Labor attorney Tony Gill, whose firm was involved since the founding of the labor law, says of the five or six major points raised by the HSTA, several are clearly intended to implicate constitutional values. But on the question of the last, best offer being unilaterally implemented, it’s a matter of labor law doctrine under the statute.

Gill tries to explain: “The problem that the parties have and the problem that we as observers have is that there is some language in labor board decisions—unpublished decisions, orders, minor pieces of documentation that go one way—and the language of the statute under which everyone is supposed to be working appears to go another. And between the one way and the other, there is a great gap, a gap of knowledge because there are no clear labor board decisions that addresses this point. It is a genuinely new issue.”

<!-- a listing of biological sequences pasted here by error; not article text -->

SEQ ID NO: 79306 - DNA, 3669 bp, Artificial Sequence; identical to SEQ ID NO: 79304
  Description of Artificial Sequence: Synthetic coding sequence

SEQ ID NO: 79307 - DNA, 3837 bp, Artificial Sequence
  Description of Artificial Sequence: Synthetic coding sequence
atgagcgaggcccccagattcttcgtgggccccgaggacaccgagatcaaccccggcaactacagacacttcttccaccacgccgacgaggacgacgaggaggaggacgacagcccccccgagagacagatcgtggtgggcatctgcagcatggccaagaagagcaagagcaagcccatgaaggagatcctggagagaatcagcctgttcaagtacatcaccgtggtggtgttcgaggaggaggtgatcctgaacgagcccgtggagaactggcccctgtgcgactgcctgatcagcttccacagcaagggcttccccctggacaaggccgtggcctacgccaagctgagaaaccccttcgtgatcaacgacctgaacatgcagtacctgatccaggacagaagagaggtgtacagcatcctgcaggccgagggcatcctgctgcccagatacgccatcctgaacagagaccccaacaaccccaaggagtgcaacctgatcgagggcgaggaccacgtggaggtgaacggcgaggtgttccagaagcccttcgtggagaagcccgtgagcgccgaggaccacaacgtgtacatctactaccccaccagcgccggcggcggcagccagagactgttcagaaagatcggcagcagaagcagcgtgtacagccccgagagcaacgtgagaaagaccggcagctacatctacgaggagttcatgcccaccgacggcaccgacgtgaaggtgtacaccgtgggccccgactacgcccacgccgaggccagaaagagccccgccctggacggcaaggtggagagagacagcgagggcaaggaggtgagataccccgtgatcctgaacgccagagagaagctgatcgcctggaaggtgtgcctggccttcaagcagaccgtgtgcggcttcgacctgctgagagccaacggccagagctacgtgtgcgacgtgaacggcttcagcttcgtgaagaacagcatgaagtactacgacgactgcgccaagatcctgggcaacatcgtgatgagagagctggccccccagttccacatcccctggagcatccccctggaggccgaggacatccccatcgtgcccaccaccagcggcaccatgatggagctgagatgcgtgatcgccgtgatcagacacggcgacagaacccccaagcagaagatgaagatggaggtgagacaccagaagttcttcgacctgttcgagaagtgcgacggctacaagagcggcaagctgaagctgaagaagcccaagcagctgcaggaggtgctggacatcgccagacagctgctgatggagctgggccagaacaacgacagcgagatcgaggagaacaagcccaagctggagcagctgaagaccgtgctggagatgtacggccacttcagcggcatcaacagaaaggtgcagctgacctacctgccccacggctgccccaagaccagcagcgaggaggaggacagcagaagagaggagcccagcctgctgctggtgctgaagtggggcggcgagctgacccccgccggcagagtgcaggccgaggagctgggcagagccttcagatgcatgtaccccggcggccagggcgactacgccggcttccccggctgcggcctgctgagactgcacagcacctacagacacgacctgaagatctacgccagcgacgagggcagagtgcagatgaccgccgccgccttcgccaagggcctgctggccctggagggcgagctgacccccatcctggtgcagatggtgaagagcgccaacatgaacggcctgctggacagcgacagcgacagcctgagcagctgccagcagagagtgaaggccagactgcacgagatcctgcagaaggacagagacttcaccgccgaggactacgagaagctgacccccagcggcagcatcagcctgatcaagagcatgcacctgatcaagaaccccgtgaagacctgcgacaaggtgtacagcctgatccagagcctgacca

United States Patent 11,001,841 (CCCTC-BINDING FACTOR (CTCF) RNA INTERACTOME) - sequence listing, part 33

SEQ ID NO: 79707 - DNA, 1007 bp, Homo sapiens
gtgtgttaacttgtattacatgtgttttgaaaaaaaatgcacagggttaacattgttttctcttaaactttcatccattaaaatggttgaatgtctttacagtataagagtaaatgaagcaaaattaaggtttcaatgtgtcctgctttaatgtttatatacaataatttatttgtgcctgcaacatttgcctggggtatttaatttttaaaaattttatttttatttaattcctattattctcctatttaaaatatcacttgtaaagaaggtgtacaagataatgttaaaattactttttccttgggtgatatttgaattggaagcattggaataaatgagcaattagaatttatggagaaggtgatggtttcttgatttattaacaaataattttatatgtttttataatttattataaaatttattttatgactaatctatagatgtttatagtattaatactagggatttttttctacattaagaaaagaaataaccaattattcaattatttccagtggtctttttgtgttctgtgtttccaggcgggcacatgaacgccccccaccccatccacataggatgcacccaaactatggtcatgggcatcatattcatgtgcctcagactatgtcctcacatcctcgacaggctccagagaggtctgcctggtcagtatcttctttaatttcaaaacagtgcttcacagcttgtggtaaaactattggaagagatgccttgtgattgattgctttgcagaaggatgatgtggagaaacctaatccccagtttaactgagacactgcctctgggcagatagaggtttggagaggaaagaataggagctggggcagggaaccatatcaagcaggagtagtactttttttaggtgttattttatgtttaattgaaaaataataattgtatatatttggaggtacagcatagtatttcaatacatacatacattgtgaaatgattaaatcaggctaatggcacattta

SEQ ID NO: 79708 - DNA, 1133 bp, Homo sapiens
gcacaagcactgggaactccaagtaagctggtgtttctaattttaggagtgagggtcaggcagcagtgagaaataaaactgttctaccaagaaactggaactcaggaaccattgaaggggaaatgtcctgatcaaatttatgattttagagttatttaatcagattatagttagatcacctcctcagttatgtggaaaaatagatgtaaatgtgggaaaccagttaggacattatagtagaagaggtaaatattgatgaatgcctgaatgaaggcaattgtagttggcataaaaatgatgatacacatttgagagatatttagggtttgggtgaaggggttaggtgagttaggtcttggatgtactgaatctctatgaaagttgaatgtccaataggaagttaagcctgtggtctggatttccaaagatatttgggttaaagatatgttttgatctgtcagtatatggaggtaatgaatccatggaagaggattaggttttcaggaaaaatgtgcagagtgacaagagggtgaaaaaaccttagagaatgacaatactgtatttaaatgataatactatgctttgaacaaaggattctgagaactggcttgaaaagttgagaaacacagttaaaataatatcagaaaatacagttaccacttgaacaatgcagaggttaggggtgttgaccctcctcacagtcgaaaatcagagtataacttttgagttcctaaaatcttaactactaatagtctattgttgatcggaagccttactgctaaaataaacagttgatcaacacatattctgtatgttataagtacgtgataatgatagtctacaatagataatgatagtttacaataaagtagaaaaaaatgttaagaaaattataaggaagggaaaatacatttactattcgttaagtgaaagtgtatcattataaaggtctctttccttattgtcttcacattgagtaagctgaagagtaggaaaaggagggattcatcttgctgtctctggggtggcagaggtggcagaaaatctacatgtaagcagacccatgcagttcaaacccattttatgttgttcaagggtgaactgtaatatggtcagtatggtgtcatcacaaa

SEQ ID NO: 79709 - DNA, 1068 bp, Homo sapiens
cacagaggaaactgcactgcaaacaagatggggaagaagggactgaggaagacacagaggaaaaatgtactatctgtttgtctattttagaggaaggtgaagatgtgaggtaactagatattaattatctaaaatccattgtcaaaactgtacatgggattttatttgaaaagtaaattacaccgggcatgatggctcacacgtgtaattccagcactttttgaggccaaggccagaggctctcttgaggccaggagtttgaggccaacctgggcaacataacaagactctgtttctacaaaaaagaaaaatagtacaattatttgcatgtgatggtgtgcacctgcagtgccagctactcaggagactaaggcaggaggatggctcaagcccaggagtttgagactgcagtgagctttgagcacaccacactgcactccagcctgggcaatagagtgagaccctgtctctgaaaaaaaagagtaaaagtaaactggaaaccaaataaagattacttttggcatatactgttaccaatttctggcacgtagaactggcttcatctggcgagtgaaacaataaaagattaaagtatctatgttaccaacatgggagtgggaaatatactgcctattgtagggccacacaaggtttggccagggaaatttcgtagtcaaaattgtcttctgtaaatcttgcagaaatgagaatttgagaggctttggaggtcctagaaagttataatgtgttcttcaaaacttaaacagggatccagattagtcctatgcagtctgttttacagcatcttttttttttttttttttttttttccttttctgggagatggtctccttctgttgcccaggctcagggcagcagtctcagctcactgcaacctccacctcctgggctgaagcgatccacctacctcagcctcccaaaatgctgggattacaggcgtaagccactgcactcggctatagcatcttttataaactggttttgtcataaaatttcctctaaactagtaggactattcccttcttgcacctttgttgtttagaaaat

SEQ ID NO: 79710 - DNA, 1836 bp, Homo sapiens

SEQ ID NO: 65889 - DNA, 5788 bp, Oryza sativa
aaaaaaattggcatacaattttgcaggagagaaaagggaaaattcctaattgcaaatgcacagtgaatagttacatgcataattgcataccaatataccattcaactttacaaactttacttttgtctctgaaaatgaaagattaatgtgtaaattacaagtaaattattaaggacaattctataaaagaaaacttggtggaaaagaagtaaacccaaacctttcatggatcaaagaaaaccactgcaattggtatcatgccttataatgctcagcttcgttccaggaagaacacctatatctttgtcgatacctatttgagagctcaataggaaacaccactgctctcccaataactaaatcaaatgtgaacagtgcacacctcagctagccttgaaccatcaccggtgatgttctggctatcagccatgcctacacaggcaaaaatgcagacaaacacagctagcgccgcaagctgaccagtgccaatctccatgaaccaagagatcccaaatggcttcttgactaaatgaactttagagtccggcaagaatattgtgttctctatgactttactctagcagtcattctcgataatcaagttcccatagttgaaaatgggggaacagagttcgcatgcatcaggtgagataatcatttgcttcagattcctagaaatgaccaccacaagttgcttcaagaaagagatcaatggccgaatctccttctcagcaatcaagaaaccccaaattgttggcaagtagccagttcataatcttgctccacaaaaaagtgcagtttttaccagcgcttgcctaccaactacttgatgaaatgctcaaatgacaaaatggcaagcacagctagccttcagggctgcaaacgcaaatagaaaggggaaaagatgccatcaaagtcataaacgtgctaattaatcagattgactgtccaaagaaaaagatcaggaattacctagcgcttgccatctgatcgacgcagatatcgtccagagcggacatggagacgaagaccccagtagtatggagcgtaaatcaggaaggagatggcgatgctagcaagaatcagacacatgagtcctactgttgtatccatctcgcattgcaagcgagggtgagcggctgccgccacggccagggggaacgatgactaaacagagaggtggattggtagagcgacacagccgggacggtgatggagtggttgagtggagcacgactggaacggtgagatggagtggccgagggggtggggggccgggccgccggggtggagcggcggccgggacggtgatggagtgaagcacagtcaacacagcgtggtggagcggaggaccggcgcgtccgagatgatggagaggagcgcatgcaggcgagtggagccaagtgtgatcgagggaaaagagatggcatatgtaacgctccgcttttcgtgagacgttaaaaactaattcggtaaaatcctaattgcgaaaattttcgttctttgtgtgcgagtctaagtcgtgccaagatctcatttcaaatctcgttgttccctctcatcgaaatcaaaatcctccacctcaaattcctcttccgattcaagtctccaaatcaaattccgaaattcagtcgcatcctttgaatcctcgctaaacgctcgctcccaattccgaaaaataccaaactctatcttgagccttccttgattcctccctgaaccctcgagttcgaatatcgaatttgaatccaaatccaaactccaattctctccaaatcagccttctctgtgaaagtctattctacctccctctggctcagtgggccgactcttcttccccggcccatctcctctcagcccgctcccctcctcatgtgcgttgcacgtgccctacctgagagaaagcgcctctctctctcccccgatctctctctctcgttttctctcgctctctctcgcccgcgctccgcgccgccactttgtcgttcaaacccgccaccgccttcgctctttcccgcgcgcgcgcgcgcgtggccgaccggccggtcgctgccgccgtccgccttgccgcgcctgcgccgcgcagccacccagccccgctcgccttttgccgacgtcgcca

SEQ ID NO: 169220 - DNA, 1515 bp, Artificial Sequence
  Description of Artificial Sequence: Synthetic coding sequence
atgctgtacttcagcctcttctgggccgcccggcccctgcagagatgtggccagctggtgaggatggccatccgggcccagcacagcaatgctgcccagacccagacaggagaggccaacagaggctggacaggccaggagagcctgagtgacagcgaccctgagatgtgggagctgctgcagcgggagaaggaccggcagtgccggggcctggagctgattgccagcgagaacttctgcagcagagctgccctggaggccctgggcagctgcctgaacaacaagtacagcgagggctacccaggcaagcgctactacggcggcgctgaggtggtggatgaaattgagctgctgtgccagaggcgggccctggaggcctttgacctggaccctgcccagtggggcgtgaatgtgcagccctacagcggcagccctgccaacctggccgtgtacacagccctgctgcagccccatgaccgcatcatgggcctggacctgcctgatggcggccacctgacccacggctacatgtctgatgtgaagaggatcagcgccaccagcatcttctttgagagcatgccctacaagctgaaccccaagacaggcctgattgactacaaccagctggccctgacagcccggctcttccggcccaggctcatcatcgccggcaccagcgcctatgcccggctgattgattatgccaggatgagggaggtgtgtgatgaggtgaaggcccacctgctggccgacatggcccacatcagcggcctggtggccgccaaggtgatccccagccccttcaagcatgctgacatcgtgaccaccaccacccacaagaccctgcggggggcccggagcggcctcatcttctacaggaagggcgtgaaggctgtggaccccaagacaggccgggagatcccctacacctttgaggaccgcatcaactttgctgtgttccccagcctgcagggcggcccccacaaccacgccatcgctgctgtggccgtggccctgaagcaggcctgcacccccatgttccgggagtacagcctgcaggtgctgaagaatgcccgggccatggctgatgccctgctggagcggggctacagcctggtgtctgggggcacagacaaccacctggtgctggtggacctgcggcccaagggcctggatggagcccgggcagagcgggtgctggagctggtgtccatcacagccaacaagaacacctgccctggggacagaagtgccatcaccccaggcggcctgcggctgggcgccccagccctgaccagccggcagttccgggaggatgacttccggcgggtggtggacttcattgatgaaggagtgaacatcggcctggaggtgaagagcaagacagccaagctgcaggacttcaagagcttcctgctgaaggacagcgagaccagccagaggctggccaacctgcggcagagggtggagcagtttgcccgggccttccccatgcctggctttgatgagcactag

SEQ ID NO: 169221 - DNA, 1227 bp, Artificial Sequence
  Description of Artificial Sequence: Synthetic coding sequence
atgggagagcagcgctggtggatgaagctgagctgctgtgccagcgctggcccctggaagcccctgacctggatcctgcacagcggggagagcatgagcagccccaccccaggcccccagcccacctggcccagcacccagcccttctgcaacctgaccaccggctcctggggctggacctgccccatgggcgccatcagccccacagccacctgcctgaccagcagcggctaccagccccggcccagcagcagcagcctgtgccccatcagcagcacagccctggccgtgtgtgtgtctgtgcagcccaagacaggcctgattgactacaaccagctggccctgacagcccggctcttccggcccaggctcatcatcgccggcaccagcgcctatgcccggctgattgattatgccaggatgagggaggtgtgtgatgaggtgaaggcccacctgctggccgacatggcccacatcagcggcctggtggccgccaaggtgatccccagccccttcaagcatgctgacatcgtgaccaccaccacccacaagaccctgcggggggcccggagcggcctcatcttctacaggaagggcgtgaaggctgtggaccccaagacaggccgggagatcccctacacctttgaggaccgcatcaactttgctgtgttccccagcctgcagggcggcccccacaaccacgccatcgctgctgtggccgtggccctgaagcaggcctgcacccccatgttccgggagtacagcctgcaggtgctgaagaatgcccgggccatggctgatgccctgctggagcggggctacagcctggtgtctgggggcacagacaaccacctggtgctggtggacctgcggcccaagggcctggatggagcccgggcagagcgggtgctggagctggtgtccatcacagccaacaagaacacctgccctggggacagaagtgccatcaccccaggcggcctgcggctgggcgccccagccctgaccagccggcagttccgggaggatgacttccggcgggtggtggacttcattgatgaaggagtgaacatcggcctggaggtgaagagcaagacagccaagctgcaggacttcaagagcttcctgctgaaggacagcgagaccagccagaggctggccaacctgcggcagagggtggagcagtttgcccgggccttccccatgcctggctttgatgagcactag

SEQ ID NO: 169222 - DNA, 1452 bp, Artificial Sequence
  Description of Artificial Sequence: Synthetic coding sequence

Semantics are involved, he says, particularly regarding the word “impasse.” That said, Gill also says the best solution in the public interest now is to have the parties come back to the bargaining table and come up with a contract they can each live with. But given a hovering problem, wouldn’t it be better to finally have clarity and definitive answers? Gill says the only time a problem exists is when the parties disagree. So far, in all the years of bargaining, the parties have reached voluntary agreement at some point. Moreover, the board doesn’t exist to clear hypothetical situations but to get the public business done.

Pushing for reconciliation between the language of the statute and the language of the labor board’s decisions might mean the union would lose out.